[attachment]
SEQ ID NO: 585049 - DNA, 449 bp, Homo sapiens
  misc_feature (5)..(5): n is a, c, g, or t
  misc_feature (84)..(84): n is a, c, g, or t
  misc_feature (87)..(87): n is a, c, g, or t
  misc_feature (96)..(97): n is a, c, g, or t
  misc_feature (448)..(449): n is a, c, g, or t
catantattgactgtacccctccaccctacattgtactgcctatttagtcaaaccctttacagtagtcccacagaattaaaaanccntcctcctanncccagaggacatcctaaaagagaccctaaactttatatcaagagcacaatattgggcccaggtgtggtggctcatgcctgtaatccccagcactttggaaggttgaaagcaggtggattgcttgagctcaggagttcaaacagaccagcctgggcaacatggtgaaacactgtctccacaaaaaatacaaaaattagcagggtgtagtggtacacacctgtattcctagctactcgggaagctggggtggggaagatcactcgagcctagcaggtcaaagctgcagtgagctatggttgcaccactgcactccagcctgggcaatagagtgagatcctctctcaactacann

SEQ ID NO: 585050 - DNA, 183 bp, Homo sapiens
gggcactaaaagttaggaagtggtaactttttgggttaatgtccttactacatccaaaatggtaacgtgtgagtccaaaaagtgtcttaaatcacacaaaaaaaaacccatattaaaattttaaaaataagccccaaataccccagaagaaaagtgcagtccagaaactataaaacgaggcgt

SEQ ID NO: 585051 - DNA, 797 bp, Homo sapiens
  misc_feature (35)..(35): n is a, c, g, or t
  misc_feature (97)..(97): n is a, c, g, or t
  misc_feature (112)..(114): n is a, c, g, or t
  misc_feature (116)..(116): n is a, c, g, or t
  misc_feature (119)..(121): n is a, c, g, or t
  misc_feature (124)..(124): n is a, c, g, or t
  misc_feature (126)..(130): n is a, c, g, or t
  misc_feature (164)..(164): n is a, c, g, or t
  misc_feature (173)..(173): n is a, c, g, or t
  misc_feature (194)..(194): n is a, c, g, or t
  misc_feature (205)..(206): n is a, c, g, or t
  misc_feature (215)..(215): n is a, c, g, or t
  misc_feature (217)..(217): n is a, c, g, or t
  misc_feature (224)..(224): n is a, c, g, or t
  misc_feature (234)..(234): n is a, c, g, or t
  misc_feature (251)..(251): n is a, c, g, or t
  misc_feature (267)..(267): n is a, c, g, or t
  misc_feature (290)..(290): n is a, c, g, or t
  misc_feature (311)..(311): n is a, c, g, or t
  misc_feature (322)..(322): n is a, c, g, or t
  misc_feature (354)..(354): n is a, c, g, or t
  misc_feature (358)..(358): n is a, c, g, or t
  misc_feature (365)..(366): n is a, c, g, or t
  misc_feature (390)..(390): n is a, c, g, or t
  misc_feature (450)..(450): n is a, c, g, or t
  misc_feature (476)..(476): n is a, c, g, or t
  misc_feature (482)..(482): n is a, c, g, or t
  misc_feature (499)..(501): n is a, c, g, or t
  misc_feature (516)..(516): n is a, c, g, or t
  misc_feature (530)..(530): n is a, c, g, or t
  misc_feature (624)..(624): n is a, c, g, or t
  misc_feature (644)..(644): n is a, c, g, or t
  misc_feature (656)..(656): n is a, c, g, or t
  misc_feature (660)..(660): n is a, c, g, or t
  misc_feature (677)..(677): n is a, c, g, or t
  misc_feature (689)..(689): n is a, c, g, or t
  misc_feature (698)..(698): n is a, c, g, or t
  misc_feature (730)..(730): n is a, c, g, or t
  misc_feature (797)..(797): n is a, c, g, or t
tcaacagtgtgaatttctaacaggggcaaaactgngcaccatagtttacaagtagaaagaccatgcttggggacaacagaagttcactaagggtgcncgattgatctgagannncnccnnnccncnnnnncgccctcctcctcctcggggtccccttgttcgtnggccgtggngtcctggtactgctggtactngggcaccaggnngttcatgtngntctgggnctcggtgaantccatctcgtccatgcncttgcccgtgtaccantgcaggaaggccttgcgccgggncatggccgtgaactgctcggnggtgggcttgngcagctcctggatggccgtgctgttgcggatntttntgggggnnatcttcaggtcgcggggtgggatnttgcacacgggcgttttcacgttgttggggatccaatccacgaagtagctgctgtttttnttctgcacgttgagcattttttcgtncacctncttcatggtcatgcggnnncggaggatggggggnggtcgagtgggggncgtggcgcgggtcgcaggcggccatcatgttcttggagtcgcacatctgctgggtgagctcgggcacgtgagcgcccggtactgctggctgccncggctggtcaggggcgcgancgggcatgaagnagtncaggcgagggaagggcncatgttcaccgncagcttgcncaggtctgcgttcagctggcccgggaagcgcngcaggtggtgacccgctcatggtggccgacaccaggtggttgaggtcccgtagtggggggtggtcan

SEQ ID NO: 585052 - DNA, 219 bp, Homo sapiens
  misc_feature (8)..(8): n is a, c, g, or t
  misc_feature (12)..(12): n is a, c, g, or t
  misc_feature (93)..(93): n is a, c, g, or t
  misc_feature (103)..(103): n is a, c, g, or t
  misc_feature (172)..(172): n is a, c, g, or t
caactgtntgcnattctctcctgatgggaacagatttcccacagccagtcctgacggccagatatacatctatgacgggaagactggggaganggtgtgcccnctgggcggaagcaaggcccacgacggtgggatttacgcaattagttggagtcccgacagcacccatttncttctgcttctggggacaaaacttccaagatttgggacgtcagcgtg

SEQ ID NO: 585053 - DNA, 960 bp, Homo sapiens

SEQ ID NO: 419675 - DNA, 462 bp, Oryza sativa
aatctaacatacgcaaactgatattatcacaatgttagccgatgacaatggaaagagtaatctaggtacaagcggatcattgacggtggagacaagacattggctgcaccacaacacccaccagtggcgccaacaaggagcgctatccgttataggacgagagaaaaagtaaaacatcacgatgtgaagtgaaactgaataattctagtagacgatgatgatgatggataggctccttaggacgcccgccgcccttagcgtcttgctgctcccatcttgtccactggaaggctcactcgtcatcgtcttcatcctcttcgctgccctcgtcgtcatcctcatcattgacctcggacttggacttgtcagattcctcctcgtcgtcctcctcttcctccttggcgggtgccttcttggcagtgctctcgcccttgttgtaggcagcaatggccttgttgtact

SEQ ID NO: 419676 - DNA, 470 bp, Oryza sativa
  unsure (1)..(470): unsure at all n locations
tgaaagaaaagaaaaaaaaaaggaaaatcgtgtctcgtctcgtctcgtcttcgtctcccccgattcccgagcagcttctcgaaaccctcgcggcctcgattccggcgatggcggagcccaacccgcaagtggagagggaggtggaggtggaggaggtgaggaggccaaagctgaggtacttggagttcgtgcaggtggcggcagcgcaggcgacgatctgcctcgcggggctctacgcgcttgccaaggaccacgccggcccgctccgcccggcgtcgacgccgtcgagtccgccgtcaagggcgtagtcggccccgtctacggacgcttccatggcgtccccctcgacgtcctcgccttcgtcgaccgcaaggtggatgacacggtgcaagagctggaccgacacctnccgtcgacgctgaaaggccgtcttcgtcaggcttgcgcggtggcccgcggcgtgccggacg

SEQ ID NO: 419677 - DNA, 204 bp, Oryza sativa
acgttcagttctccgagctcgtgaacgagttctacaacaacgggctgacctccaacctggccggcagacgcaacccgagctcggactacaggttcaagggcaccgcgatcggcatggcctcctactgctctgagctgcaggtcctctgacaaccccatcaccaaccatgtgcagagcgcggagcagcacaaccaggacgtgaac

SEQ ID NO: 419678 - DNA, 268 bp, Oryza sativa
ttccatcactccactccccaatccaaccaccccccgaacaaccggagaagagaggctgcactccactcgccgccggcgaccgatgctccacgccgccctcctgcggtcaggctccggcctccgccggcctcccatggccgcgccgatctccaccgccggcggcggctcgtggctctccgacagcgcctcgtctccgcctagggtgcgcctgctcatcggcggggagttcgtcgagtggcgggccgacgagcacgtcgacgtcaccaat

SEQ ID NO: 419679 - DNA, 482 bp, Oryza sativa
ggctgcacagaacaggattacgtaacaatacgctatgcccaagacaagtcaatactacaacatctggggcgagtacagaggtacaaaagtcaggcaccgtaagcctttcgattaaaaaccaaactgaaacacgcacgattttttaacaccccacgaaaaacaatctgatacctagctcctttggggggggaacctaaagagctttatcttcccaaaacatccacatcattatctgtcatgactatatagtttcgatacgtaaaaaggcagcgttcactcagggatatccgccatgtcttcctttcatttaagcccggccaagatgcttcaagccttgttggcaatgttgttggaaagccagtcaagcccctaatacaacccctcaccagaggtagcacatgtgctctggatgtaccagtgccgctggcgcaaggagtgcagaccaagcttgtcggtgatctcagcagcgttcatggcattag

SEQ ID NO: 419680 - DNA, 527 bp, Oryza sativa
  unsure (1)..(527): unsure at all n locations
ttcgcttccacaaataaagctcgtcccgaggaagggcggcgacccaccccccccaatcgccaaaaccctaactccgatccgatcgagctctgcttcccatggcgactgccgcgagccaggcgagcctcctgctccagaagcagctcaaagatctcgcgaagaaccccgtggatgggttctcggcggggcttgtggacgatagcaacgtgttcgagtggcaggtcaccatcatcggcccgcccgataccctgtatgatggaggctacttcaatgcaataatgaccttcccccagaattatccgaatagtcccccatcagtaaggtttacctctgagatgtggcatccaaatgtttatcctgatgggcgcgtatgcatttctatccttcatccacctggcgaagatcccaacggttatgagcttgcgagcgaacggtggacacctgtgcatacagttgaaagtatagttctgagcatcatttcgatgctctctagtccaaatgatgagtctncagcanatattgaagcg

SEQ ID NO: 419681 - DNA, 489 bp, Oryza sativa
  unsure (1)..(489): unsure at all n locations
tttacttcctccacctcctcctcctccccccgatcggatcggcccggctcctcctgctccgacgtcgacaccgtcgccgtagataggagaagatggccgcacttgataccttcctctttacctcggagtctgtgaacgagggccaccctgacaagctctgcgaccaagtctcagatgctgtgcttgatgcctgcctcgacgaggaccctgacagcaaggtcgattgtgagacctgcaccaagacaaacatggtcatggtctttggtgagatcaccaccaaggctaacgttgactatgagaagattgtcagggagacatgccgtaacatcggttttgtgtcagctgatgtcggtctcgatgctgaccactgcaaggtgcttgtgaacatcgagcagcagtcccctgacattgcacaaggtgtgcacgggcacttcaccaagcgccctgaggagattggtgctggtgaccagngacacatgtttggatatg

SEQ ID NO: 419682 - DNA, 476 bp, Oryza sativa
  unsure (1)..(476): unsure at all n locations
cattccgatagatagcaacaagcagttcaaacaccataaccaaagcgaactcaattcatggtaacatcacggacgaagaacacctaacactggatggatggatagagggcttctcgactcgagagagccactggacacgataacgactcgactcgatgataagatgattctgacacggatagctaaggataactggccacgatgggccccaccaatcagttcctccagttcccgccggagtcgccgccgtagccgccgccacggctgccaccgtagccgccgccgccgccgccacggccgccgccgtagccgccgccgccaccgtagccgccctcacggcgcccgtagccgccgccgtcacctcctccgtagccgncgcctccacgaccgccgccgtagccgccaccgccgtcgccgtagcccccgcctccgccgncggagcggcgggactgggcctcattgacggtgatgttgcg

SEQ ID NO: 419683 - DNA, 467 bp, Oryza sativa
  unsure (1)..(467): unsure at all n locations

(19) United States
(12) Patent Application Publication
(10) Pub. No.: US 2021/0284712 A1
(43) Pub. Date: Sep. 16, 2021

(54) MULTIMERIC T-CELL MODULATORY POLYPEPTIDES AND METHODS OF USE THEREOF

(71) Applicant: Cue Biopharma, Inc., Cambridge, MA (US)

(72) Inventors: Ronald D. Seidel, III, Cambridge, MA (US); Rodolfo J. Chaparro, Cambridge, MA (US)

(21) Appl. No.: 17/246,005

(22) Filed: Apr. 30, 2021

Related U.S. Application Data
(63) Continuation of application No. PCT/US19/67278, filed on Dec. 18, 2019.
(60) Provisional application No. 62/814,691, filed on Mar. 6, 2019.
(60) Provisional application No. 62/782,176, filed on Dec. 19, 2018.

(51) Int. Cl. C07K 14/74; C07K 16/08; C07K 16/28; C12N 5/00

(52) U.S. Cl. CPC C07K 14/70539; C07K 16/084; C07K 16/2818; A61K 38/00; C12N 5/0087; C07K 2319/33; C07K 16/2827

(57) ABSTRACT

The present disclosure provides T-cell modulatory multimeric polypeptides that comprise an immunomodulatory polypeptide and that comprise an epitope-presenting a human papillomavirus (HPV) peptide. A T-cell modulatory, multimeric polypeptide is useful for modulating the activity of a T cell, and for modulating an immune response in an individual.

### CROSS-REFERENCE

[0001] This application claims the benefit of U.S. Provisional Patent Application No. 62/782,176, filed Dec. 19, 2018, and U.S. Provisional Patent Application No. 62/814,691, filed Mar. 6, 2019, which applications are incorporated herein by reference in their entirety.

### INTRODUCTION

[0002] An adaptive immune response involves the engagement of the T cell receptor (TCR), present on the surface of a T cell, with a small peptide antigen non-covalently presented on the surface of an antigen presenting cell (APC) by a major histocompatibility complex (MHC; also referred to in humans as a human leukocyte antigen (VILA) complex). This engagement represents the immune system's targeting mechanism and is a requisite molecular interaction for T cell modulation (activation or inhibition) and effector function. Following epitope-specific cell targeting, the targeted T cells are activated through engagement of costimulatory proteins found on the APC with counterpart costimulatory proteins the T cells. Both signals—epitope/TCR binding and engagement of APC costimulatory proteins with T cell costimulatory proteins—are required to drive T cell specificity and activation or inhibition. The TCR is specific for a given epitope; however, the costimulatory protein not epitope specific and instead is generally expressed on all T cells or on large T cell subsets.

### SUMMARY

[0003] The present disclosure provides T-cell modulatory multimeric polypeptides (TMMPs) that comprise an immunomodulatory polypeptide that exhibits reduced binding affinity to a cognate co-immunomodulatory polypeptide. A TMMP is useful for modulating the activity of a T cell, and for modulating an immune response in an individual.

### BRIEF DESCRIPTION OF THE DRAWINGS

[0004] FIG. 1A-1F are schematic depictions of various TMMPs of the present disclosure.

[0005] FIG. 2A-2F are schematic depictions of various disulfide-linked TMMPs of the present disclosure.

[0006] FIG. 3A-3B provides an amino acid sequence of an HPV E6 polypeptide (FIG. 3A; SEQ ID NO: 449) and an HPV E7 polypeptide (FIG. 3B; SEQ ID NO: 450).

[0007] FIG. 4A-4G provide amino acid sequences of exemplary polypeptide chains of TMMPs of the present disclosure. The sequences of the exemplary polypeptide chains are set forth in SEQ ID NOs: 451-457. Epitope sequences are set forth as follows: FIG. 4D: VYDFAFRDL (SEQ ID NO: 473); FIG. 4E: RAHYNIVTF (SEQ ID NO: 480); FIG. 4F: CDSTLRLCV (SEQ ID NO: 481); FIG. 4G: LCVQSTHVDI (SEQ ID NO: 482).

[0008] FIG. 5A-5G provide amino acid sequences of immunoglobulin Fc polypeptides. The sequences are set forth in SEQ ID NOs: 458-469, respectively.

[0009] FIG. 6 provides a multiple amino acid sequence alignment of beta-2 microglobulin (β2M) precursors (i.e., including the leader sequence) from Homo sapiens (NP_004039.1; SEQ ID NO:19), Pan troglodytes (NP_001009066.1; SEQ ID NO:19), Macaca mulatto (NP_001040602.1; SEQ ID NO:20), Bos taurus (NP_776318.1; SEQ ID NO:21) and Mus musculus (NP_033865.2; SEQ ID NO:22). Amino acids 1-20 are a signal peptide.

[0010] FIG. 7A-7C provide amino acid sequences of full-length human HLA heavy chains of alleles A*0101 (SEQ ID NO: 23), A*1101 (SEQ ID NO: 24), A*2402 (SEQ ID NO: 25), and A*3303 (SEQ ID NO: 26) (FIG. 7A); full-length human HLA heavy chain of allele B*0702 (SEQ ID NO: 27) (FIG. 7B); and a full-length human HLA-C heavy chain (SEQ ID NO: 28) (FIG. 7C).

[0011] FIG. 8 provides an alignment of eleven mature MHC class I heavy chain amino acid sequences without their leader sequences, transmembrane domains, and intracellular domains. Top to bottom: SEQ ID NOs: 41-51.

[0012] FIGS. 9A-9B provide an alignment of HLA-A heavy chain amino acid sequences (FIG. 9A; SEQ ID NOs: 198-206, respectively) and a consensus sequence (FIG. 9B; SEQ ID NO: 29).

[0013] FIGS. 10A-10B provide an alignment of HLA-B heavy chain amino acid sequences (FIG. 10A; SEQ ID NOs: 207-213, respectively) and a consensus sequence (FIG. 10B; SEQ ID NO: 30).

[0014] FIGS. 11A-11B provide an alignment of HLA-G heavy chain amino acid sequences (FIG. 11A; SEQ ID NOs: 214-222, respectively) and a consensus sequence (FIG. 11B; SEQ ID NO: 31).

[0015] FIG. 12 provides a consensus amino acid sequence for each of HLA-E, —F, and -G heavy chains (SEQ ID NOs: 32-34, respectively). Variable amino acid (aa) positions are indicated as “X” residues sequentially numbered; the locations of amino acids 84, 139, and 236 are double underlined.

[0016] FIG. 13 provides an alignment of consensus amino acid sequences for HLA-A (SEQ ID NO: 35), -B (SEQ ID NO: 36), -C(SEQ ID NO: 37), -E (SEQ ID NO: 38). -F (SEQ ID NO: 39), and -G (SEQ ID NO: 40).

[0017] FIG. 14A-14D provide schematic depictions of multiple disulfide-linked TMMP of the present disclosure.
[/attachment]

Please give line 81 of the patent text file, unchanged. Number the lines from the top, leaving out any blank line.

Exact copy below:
(19) United States